https://www.cnbc.com/2018/06/28/want-to-increase-your-salary-learn-these-key-skills.html

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When we run out of room for data, scientists want to store it in DNA

News & Thoughts - Sat, 2018-07-14 17:20

by Luke Dormehl, Digital Trends

The reason for this is the unimaginable pace at which we currently produce data. Each day, around 2.5 quintillion bytes of data is created, courtesy of the 3.7 billion humans who now use the internet. In the last two years alone, a mind-boggling 90 percent of the world’s data has been created. That’s where Park and fellow MIT scientist and co-founder Nathaniel Roquet enter the picture. Their startup Catalog has developed technology they believe could transform data storage as we know it; allowing, or so they claim, the entirety of the world’s data to be comfortably fit into a space the size of a coat closet. Catalog’s solution? By encoding data into DNA. That might sound like the plot of a Michael Crichton novel, but their scalable and affordable solution is serious, and has so far received $9 million in venture funding — along with the support of leading professors from Stanford and Harvard Universities.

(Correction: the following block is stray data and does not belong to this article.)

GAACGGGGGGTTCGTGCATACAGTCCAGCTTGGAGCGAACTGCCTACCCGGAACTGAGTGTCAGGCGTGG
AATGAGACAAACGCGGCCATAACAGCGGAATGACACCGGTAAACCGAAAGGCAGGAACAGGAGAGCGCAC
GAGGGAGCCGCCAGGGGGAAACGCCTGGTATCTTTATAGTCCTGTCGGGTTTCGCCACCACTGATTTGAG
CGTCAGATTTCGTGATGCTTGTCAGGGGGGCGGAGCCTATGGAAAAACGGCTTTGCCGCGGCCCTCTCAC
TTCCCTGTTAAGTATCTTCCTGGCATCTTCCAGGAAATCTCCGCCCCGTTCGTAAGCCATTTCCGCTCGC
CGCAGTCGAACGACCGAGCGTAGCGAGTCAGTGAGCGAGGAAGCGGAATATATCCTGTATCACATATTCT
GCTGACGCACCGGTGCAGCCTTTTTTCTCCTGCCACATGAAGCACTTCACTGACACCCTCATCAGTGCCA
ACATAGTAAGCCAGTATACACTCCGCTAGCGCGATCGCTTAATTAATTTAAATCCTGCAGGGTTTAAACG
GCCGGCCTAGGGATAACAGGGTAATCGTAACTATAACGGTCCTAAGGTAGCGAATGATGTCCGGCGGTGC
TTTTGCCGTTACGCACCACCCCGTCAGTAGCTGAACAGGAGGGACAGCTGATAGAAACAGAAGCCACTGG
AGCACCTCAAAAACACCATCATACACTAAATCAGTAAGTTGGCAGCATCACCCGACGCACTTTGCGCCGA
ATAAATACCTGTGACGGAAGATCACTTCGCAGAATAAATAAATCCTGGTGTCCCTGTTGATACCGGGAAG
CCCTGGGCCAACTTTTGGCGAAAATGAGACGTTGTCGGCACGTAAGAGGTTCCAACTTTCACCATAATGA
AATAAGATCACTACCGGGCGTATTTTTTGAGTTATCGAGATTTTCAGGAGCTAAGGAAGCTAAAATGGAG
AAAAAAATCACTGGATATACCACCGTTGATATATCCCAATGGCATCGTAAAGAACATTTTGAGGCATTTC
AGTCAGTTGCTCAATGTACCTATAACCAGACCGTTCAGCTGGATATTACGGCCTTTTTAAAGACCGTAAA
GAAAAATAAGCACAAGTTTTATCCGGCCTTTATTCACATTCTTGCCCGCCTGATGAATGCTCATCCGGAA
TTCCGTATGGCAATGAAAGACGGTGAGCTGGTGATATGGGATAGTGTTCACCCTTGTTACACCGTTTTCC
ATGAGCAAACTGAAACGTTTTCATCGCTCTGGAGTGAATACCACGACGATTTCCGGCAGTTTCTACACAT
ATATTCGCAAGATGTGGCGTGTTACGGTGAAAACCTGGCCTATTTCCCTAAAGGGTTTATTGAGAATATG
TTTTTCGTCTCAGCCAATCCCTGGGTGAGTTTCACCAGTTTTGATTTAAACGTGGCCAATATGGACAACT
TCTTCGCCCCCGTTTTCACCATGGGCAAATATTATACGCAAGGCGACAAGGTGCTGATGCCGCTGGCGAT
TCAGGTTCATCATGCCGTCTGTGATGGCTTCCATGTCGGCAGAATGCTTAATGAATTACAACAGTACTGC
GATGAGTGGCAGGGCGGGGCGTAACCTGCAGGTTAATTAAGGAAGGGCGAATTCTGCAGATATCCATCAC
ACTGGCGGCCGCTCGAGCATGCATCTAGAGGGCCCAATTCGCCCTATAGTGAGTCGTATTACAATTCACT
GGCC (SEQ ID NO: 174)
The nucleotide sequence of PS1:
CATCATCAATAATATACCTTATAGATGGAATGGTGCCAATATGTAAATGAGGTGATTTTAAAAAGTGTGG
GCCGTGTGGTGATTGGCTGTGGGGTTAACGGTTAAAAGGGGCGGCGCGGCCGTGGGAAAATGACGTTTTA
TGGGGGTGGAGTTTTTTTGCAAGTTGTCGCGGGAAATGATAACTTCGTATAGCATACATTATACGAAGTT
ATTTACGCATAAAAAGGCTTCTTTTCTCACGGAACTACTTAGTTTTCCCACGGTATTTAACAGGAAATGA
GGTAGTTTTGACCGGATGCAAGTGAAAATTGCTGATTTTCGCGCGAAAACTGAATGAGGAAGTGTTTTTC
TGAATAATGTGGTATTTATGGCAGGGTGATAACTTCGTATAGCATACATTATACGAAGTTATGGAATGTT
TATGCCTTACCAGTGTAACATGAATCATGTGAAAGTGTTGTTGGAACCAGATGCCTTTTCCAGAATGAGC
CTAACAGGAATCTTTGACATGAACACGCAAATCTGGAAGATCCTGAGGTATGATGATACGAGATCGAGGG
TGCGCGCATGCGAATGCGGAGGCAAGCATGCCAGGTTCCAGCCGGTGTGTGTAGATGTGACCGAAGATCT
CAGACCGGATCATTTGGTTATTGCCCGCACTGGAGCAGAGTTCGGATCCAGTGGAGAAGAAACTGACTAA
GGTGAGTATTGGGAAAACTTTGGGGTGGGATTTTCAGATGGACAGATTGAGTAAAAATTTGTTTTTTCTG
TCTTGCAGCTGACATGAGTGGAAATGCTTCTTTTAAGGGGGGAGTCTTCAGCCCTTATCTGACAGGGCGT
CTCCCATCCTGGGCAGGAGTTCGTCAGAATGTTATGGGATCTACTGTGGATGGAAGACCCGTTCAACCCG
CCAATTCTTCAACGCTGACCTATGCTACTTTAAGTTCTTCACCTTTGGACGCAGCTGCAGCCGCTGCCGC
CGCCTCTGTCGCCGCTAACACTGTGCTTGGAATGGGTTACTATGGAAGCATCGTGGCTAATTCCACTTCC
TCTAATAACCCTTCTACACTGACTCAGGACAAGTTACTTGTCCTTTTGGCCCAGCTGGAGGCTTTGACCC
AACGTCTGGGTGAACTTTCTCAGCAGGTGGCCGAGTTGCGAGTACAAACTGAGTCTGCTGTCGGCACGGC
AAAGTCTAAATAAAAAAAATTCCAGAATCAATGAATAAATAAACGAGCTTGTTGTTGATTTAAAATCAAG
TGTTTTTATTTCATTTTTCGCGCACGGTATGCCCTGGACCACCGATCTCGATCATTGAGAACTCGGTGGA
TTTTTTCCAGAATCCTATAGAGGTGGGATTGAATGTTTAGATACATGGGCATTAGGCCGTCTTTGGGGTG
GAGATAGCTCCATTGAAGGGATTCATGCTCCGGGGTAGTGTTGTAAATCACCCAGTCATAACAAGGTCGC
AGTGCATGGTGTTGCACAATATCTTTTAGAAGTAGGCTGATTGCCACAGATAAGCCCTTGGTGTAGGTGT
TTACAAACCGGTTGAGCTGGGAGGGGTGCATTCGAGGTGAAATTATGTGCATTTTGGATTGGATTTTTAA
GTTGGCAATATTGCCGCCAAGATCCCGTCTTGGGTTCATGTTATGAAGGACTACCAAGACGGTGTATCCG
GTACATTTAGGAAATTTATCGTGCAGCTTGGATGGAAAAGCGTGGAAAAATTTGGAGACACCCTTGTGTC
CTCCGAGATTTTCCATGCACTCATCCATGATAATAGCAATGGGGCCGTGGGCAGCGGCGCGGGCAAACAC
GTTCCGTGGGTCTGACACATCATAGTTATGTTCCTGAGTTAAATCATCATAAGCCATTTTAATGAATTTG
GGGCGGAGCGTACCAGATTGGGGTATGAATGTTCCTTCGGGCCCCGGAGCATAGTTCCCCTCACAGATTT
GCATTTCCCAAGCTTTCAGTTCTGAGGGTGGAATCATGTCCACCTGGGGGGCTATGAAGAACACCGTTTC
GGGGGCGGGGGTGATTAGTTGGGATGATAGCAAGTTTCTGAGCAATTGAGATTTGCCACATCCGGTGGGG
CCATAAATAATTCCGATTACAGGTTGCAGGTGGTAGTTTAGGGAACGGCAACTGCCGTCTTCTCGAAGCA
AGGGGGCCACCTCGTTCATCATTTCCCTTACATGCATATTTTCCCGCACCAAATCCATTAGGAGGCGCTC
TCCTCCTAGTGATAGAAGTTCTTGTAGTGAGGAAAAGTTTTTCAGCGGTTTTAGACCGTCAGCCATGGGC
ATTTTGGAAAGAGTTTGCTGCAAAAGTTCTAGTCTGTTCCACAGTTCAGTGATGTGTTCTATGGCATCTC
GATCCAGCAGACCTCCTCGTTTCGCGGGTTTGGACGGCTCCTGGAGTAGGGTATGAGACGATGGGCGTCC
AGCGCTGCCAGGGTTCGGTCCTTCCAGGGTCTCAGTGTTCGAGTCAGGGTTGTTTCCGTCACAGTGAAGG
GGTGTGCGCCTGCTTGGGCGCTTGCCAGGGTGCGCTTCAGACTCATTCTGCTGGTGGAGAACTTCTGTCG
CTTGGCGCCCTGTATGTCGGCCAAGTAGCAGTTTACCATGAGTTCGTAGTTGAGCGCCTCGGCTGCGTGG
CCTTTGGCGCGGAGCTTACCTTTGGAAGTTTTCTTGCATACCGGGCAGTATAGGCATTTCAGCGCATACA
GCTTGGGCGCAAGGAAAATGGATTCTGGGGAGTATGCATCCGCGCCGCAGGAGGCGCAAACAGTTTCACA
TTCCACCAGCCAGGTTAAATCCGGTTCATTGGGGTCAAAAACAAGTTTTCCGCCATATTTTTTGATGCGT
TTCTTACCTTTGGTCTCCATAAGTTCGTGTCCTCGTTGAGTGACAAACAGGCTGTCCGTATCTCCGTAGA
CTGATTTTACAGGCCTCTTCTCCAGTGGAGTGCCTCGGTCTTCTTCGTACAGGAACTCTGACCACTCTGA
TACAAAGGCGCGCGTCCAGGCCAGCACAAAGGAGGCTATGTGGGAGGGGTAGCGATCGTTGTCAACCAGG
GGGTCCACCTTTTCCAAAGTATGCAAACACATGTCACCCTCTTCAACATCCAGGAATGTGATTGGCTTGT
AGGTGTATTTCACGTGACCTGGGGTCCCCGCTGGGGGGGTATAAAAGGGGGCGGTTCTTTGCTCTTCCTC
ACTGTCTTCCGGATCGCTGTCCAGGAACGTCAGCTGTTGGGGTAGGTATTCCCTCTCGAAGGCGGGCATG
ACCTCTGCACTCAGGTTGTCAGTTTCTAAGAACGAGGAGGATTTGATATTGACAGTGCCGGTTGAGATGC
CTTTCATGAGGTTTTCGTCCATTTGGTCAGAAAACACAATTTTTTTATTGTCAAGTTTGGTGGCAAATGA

https://www.digitaltrends.com/cool-tech/dna-data-catalog-startup/

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The tech industry leads the way in revolutionizing student loan debt

News & Thoughts - Sat, 2018-07-14 17:15

by JAZZY QUICK, Big Think

With the average student loan borrower owing in the $27,900—$50,000 range, it’s no wonder that national student loan debt in America is at a record high of $1.52 trillion. And to make that statistic worse, STEM-based degree programs are pumping out a considerable portion of the borrowers with debt, due to students taking out massive amounts of loans in order to compete in a saturated job market. A survey shared by CommonBond gave data that depicts how the technology industry might be the most affected the most by student loan debt. Currently, approximately 53% of workers have student loan debts, according to CommonBond, and of those borrows, 65% of them are paying off $50,000 or more in student loans.

https://bigthink.com/jazzy-quick/the-tech-industry-leads-the-way-in-revolutionizing-student-loan-debt

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Serving and learning: MSL student takes classes while stationed in Kuwait

News & Thoughts - Sat, 2018-07-14 17:10

by Herald Republican